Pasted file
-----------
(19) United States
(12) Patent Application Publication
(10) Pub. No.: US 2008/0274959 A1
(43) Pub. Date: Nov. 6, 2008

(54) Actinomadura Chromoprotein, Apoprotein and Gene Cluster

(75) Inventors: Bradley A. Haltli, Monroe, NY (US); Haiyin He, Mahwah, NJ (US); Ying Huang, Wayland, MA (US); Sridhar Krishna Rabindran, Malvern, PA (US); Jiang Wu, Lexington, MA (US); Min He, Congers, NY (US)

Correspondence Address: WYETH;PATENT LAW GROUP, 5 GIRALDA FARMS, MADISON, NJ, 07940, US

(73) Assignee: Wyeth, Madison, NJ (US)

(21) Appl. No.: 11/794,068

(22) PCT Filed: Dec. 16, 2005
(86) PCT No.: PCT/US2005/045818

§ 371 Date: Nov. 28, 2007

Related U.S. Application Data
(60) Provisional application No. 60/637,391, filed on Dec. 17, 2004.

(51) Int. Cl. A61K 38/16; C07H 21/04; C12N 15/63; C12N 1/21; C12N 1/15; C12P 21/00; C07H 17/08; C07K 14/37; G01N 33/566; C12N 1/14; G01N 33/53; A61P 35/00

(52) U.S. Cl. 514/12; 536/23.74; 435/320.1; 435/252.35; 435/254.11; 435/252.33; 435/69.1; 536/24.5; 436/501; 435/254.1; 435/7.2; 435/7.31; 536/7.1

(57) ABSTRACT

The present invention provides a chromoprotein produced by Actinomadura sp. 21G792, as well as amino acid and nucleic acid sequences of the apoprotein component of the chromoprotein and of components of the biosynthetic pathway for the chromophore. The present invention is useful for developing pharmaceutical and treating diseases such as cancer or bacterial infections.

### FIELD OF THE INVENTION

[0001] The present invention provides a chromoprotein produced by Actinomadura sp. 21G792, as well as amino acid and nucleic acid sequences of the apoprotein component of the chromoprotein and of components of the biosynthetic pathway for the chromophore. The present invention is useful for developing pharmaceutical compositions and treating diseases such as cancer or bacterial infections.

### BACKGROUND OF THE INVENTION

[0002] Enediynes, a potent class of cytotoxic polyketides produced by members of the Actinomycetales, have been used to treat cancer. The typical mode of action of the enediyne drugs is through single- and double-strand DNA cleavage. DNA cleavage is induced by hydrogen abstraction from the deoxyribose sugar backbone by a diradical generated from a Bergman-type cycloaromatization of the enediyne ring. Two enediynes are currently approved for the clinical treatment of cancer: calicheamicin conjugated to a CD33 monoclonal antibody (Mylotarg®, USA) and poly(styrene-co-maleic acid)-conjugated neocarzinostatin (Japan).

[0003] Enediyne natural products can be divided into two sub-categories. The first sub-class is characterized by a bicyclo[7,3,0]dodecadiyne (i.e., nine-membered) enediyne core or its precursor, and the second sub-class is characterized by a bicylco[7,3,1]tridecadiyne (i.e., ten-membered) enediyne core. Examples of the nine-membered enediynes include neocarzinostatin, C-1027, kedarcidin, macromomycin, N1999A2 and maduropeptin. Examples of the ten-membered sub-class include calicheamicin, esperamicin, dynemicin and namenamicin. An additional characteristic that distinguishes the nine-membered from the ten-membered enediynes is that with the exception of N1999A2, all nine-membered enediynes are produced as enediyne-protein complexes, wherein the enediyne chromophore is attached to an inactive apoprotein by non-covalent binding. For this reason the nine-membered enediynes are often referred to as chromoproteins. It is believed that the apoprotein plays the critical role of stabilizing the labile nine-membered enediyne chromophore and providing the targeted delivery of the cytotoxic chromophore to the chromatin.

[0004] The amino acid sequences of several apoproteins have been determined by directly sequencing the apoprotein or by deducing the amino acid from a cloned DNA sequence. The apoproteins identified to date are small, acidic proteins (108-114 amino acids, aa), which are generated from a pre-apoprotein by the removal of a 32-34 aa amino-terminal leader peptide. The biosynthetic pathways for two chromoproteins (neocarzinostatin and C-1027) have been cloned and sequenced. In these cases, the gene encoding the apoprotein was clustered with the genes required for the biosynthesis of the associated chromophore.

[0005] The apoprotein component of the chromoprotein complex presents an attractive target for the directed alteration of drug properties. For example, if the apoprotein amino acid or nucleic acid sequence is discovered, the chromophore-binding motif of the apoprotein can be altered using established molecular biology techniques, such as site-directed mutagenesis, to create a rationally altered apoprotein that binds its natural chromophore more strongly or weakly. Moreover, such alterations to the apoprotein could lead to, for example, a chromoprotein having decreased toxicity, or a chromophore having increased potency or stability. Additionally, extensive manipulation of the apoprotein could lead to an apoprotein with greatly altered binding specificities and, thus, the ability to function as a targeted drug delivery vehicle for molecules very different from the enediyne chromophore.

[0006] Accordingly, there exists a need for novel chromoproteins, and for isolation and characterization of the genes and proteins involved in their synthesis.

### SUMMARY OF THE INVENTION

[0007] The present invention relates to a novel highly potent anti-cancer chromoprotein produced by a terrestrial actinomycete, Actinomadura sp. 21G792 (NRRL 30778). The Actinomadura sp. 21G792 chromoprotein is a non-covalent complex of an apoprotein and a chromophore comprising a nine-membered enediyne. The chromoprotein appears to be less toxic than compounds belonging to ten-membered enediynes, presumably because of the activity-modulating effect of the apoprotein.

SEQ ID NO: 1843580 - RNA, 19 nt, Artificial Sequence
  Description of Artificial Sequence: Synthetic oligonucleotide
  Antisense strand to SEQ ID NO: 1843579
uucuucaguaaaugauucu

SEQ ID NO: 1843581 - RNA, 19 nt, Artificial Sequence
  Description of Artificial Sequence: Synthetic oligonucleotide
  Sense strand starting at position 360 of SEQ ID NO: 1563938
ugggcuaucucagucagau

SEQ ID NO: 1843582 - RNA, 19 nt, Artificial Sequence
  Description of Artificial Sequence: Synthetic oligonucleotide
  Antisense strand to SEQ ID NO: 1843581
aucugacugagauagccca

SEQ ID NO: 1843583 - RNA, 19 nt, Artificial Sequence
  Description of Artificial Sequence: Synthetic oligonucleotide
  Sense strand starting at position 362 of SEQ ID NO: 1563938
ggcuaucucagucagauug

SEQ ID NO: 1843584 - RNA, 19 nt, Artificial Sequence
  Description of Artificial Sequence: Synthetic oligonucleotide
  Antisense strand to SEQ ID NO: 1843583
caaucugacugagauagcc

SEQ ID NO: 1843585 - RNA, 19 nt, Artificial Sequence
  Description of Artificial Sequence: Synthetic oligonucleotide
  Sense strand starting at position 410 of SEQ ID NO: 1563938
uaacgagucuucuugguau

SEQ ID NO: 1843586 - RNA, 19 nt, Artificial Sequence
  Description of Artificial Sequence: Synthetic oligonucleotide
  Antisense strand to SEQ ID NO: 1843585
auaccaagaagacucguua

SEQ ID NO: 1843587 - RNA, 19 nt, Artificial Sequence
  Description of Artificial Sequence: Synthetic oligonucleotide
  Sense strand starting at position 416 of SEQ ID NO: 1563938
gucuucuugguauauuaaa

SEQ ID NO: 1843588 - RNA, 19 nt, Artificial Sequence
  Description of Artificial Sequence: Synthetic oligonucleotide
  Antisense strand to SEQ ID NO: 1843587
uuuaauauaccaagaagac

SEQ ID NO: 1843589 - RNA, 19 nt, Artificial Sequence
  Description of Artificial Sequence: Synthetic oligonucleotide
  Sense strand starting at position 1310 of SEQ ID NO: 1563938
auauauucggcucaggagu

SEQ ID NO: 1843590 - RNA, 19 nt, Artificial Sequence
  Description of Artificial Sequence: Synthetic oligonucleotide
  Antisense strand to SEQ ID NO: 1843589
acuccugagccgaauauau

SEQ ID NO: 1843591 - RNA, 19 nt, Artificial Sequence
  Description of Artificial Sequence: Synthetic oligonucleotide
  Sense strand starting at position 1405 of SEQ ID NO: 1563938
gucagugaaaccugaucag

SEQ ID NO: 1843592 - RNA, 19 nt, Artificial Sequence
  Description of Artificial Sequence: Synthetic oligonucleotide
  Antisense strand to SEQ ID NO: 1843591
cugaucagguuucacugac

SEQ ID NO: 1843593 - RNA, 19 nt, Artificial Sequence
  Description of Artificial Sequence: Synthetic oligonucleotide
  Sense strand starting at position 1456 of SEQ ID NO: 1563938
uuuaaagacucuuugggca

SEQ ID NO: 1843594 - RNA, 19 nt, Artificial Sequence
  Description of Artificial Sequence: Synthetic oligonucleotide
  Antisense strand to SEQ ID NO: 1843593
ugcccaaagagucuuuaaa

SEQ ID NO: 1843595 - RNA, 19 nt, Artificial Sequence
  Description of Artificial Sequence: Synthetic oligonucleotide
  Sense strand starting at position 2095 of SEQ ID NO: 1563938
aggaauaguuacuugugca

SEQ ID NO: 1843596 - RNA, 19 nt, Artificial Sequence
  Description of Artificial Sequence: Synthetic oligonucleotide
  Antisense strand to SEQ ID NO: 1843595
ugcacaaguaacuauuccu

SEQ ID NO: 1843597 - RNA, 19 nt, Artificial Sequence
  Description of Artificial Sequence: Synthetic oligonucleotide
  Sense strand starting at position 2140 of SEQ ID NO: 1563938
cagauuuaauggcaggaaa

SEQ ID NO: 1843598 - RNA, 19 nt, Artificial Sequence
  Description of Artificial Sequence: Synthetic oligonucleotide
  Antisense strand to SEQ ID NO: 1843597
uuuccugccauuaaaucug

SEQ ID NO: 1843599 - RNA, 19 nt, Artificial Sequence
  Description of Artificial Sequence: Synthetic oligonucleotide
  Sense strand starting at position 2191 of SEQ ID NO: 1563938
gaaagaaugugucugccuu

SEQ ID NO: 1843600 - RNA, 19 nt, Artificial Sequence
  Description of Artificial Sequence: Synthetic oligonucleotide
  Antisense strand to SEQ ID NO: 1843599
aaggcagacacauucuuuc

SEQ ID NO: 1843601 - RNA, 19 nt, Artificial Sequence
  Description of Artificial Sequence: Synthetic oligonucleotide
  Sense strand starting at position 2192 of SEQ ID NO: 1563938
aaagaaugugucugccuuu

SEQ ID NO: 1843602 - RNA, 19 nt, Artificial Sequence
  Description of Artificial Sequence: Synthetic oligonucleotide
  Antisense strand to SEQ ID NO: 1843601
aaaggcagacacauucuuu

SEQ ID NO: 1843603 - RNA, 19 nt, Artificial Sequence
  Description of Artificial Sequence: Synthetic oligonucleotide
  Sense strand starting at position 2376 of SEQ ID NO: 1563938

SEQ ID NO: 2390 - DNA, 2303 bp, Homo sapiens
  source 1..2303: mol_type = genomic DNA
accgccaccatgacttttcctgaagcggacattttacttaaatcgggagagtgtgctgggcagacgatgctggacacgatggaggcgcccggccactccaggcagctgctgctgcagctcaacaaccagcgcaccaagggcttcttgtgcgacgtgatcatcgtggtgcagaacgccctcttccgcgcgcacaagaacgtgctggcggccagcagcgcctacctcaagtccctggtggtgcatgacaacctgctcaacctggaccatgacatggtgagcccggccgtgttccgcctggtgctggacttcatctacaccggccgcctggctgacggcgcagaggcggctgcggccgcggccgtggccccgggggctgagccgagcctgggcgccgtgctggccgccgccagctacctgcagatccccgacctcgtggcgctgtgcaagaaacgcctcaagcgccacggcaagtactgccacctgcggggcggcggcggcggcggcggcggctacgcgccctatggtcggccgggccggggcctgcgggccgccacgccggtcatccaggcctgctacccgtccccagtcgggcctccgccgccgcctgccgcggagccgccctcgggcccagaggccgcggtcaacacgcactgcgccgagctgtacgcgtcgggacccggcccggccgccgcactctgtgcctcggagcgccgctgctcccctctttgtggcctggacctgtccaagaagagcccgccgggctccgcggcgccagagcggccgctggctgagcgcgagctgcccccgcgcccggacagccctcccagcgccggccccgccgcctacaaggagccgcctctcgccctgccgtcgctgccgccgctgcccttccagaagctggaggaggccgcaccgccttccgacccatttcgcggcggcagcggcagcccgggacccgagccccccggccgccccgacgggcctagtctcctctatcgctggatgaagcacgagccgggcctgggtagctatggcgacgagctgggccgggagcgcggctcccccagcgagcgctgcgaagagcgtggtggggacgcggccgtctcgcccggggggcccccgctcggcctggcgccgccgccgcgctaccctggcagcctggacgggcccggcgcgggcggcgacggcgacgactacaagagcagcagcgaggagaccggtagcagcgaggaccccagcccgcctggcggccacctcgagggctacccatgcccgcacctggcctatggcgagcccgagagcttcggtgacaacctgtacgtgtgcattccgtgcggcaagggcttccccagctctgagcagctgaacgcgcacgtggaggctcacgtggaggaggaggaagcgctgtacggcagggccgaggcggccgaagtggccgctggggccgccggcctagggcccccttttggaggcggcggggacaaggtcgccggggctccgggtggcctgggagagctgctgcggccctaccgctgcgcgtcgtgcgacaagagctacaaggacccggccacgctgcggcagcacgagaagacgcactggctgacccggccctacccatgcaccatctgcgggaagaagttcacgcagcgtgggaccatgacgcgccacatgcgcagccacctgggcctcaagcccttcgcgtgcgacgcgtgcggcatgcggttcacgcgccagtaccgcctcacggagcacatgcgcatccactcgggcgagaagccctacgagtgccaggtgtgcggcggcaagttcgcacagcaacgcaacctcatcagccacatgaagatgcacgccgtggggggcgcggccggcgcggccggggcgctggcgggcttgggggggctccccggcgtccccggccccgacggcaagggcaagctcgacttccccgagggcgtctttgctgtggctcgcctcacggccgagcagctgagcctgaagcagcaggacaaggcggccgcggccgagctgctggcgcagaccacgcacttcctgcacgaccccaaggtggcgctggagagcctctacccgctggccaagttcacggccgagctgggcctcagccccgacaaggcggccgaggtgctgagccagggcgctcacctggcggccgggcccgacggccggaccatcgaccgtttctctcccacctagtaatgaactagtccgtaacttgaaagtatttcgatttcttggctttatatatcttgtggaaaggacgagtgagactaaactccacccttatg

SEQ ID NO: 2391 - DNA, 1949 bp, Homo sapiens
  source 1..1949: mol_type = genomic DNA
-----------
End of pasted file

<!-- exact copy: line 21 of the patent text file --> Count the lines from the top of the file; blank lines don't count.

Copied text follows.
### BACKGROUND OF THE INVENTION